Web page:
7-27 lois-winstonBio: USA Today best­selling and award-win­ning author Lois Win­ston writes mys­tery, romance, roman­tic sus­pense, chick lit, women’s fic­tion, children’s chap­ter books, and non-fic­tion under her own name and her Emma Car­lyle pen name. Kirkus Reviews dubbed her crit­i­cal­ly acclaimed Anas­ta­sia Pol­lack Craft­ing Mys­tery series, “North Jersey’s more mature answer to Stephanie Plum.” In addi­tion, Lois is an award-win­ning craft and needle­work design­er who often draws much of her source mate­r­i­al for both her char­ac­ters and plots from her expe­ri­ences in the crafts indus­try. Vis­it Lois/Emma at her web­site and Anas­ta­sia at the Killer Crafts & Crafty Killers blog. Fol­low every­one on Tsu, on Pin­ter­est, and on Twit­ter @anasleuth. Sign up for her newslet­ter here.

A New Review For YESTERDAY’S BODY

Okay, I got­ta crow!

It’s mighty rare when one’s work is rec­og­nized so beau­ti­ful­ly, and on the same day when I want to remind read­ers that my Goodreads give­away is wind­ing down.

Here’s the full review:

Yesterday's BodyTitle: Yesterday’s Body
Author: Nor­ma Huss
Pub­lish­er: Sun­set Cloud Mys­tery
ISBN: 13: 978–1466449350
Genre: Mys­tery

The next time you see an old­er woman who looks like she lives on the streets, remem­ber to be nice, she might just be more than she seems. She could be ama­teur sleuth, Jo Durbin, and, if you’ve done any­thing bad, she might be look­ing for you.

Tal­ent­ed author Nor­ma Huss has craft­ed a fun read that offers a dif­fer­ent kind of sleuth with a very dif­fer­ent back­ground. Life on the streets is a hard way to live and any read­er will def­i­nite­ly won­der how such a per­son, par­tic­u­lar­ly a woman, could have the ener­gy and ambi­tion to inves­ti­gate mur­ders or oth­er crimes.

Join Jo, and her some­time side­kick Sylvie who is also her sis­ter, in track­ing down a killer after she dis­cov­ers a body in a clos­et with the help of her cat, Clyde, who isn’t all there.

I’m pleased to rec­om­mend Yesterday’s Body as a sto­ry any mys­tery fan will enjoy. The char­ac­ters’ var­ied back­grounds blend into a sto­ry you won’t want to put down until you find out who the killer is and why they kill. You’ll enjoy meet­ing the real­is­tic char­ac­ters as they cross paths with Jo and your­self. You’ll find you’ve joined Jo in her inves­ti­ga­tion with Clyde and Sylvie and their three­some has become a four­some intent on solv­ing the crimes.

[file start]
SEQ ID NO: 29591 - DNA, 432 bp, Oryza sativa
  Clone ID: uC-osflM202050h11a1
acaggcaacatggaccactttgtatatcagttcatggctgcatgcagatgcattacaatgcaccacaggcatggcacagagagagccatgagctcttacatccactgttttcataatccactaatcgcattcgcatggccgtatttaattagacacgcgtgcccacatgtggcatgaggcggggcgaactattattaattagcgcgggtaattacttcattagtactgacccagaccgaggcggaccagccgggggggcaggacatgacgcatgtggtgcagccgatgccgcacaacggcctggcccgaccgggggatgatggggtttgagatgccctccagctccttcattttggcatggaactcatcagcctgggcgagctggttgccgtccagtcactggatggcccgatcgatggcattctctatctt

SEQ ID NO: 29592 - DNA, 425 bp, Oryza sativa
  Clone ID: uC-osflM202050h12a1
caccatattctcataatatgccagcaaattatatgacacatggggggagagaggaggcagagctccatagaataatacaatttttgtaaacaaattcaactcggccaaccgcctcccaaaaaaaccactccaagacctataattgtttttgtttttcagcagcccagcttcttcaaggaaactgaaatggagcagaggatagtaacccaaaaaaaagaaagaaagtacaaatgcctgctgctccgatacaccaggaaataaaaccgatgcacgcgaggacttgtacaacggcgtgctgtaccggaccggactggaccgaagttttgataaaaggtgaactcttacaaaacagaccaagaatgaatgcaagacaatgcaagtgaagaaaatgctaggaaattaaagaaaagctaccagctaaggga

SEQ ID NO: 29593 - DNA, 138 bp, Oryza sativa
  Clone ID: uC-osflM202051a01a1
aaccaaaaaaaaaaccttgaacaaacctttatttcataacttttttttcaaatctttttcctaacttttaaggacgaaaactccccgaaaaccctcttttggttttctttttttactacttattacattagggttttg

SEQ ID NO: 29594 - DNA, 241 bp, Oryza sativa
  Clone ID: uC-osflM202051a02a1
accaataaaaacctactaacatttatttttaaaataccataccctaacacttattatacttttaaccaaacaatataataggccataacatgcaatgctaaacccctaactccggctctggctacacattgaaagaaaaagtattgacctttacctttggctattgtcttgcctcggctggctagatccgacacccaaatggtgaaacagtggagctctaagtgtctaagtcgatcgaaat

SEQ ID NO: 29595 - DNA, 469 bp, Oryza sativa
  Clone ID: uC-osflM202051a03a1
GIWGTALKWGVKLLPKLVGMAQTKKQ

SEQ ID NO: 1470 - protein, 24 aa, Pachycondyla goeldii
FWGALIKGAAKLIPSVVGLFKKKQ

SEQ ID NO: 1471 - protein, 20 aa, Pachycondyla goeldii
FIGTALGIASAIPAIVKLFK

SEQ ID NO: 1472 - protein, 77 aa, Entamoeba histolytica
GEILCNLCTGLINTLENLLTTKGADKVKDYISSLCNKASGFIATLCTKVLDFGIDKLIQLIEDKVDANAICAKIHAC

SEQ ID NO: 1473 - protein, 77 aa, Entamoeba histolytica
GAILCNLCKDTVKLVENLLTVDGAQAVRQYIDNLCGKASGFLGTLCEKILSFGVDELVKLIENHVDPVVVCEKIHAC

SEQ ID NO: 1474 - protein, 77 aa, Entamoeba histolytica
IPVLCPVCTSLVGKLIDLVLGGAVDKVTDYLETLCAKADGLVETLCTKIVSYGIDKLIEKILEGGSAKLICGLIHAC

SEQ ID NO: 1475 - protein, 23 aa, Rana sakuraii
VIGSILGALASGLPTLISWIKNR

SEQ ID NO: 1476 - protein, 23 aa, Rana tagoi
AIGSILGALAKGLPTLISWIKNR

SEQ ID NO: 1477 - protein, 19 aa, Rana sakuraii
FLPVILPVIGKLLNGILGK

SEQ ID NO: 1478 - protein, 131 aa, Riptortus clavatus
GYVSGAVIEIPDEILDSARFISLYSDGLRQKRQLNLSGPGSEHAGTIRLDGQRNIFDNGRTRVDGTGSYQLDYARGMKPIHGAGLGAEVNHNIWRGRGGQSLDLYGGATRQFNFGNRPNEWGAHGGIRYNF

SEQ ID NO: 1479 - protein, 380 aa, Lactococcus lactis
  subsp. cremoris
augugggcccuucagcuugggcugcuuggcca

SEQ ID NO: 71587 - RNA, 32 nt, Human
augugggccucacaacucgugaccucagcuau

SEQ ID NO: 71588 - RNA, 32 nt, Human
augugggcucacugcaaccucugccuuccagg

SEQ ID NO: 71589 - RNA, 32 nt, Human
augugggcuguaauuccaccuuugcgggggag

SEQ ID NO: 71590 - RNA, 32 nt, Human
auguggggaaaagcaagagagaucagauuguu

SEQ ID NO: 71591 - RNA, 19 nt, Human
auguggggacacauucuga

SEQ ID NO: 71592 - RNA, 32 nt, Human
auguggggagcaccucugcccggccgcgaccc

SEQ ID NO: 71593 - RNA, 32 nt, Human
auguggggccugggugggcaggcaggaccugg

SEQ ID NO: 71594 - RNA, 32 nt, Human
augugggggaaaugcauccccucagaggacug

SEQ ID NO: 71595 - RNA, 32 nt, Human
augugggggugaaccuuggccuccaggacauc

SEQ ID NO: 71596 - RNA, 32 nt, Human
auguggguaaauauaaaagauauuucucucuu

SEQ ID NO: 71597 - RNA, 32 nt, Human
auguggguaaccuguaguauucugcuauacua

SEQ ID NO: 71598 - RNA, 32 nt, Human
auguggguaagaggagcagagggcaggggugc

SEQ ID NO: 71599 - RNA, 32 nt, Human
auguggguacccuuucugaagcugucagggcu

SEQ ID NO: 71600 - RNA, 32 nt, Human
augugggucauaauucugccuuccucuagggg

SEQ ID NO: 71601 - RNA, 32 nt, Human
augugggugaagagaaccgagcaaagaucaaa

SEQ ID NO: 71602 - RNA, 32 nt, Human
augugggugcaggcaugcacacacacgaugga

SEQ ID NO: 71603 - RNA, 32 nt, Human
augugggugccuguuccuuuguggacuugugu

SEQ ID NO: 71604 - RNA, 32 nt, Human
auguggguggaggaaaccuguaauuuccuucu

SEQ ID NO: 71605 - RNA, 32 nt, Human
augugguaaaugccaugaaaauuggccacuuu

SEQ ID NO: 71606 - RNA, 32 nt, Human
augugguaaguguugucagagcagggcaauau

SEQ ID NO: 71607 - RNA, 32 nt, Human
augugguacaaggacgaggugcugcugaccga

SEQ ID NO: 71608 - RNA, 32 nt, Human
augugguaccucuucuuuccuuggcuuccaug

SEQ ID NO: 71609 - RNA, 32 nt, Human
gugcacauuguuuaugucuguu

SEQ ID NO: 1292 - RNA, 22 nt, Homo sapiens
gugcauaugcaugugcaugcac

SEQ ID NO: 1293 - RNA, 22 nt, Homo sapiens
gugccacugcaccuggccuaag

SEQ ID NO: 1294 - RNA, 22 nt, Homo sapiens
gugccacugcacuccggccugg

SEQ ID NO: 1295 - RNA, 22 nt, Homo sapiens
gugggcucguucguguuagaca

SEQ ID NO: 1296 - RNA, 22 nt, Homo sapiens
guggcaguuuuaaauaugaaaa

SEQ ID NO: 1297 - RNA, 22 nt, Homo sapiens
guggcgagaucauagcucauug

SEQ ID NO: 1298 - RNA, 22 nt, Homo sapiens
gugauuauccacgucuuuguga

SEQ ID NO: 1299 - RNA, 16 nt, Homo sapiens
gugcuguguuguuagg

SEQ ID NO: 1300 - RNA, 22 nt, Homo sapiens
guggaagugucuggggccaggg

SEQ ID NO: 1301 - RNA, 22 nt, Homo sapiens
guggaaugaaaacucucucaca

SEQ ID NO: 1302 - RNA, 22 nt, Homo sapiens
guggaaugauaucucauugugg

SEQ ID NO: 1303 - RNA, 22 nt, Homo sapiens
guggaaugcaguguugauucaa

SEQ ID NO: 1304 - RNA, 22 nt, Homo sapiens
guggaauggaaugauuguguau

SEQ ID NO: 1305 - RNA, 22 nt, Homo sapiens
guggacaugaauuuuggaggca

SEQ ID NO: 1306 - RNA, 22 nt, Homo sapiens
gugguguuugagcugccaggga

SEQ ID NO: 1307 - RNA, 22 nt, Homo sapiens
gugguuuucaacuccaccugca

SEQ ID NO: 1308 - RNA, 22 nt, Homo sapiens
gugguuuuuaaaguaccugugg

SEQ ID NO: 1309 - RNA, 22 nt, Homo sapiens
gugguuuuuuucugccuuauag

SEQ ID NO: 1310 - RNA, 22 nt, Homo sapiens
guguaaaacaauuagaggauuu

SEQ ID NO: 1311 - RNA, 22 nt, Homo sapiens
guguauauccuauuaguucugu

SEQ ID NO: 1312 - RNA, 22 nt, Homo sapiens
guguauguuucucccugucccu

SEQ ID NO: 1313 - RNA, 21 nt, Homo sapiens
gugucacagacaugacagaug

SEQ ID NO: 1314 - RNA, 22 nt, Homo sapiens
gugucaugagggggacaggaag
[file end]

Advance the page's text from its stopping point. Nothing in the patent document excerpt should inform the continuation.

Enjoy the adven­ture. I sure did.

Anne K. Edwards

Now for the Goodreads give­away information—ends April 9, 2015. Giv­ing away ten copies. Sign up here.

Next Mon­day, my five-star review (of other’s books) will be back. And this Thurs­day I’ll have some­thing for both read­ers and writ­ers.

A Tropical Thanksgiving

Kait Car­son lives in and writes from Flori­da. Her lat­est book, DEATH BYKait-cover BLUE WATER, was released by Hen­ery Press on Vet­er­ans’ Day 2014.  In it, para­le­gal Hay­den Kent dis­cov­ers a man’s body at 120’ beneath the sea. She thinks she is wit­ness to a trag­ic acci­dent. Instead, she becomes the prime sus­pect when the vic­tim is revealed to be the broth­er of the man who recent­ly jilt­ed her, and she has no ali­bi.

A year ago I spent Thanks­giv­ing in Flori­da, but this year I’m at home in Penn­syl­va­nia. Unlike my guest, that was only a some­time vis­it. But Kait remem­bers past Thanks­giv­ings and has her own way of cel­e­brat­ing in the trop­ics. Let her tell you about it…